of remote sensing in analysis of impact assessment using biomass vigour
changes of watersheds
Thakkar1*, V.R. Desai1, A. Patel2 and M.B.
Civil Engineering, Indian Institute of Technology, Kharagpur-721 302, India
Institute for Space Applications and Geo-informatics (BISAG), Gandhinagar-382
Author E-mail: email@example.com
received : 09.12.2015
received : 15.05.2016
received : 30.11.2016
Accepted : 24.12.2016
Aim: Vegetation status
analysis is the best technique to assess the impact of watershed development
activities. However, this approach often ignores biomass changes which are
not due to the watershed management intervention in arid/semi-arid regions.
The present study focused on the biomass vigour change detection to assess
the impact of watershed management measures in arid Arjuni and semi-arid
Morva-Hadaf watersheds from Gujarat state, India.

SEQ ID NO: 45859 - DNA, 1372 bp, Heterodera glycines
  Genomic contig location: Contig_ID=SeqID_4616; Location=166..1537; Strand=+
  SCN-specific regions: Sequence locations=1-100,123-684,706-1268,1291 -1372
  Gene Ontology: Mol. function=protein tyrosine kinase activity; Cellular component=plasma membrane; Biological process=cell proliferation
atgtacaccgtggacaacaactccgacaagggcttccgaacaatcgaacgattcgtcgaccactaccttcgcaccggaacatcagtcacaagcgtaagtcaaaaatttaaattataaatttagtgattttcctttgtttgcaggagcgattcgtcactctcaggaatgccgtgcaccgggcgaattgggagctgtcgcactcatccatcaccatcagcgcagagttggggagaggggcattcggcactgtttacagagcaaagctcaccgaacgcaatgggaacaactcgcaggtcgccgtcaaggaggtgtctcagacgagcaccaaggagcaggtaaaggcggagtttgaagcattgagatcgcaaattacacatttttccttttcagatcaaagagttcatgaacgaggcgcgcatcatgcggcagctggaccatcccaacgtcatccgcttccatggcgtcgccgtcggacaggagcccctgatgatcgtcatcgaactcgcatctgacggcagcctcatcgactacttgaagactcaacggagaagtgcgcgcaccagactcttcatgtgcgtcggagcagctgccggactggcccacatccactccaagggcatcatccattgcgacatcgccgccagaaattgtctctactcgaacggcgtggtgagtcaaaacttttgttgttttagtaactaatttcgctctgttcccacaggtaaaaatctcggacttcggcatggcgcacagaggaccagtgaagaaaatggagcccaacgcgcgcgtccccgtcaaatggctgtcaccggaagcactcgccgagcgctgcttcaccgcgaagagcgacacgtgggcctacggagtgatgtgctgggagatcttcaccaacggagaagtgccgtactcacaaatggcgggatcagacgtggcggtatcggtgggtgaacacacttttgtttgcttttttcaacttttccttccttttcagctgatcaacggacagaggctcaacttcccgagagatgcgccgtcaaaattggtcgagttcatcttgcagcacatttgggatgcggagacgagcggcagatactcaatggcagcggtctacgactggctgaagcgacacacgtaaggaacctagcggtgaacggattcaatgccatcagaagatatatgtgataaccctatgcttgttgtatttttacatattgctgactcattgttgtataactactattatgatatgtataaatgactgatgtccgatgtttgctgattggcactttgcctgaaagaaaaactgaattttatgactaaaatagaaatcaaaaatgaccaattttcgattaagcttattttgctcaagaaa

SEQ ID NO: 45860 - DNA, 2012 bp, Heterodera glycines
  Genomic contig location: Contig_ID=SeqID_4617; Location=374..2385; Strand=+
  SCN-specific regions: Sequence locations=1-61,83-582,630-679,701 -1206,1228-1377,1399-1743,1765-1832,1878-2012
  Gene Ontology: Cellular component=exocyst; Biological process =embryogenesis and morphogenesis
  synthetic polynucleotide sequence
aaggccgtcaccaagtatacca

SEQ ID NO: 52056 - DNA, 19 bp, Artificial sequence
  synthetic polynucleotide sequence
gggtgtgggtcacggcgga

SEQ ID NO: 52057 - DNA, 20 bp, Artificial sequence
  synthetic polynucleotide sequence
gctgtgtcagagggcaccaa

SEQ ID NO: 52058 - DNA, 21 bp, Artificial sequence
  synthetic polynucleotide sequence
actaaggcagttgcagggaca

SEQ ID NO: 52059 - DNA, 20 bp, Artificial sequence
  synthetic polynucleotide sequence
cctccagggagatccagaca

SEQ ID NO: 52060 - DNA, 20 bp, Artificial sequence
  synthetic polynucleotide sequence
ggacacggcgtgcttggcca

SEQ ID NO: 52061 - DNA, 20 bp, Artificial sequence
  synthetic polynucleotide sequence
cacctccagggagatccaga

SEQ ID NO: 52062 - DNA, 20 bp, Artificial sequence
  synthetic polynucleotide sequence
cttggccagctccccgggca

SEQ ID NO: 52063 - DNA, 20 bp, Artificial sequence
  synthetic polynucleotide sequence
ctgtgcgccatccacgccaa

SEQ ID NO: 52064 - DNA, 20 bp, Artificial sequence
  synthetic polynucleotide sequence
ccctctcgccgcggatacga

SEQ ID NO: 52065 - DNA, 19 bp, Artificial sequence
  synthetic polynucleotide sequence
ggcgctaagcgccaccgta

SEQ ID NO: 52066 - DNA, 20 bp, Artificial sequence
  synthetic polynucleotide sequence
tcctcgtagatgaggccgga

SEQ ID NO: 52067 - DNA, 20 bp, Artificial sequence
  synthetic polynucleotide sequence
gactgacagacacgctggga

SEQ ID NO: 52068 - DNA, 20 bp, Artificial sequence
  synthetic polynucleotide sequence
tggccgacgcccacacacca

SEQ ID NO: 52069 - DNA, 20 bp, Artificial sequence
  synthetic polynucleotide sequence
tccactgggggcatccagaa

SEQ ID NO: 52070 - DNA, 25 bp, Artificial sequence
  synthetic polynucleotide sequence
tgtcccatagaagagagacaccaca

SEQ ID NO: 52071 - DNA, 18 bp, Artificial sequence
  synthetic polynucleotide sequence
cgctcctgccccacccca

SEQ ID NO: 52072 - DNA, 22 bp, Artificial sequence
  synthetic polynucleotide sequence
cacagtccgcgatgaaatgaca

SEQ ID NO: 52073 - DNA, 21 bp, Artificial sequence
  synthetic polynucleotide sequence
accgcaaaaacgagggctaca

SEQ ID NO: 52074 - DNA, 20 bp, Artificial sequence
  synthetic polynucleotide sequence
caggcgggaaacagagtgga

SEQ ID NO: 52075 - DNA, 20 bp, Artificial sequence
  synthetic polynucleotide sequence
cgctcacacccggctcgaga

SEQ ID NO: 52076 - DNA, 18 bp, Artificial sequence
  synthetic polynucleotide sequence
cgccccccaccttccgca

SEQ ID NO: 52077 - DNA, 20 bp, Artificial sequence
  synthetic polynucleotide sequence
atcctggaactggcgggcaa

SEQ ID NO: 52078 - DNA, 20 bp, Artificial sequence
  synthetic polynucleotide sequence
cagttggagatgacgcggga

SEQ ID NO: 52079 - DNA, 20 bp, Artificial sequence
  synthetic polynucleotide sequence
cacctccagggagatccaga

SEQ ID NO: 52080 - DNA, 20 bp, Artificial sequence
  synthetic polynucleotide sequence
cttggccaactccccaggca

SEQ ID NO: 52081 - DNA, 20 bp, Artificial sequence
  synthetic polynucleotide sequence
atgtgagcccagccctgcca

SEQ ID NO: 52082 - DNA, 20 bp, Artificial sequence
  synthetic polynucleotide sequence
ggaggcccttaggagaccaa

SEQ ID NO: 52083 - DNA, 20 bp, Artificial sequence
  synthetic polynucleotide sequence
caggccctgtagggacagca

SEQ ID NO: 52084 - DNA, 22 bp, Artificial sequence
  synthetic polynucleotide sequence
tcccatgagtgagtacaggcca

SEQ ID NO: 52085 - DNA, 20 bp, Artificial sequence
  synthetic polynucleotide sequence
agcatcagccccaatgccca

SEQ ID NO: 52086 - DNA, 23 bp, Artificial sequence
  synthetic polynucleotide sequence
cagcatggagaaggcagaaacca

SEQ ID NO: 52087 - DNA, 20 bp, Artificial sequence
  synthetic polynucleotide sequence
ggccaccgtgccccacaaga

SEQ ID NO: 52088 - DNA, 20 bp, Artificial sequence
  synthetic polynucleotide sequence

study was carried out by multi-temporal remote sensing data for the year,
2002 & 2012 and 1997 & 2011 for the corresponding watersheds. The
changes in biomass vigour were identified using the Normalized Difference
Vegetation Index (NDVI) approach at watershed and sub-watershed levels for
Arjuni watershed and watershed and mini-watershed levels for Morva-Hadaf
watershed. The identified biomass changes were precisely tested with respect
to already treated areas under watershed management programmes.
NDVI values increased in both watersheds representing an overall increase in
the biomass vigour. However, the sub-watershed level study of Arjuni
watershed and mini-watershed level study of Morva-Hadaf watershed showed
negative relationship between the percentage increase in NDVI, and percentage
of treated area under different programmes.
results inferred that the increase in biomass vigour does not solely explain
the implementation of watershed management measures. This clearly indicates
that other than human induced factors (viz., micro-irrigation system adopted
by farmers), seasonal factors (i.e., rainfall, temperature) have also
influenced the NDVI values throughout the study area. Looking into the
current micro-watershed clustering approach, the future work is required to
distinguish between climate and human induced factors as a part of impact
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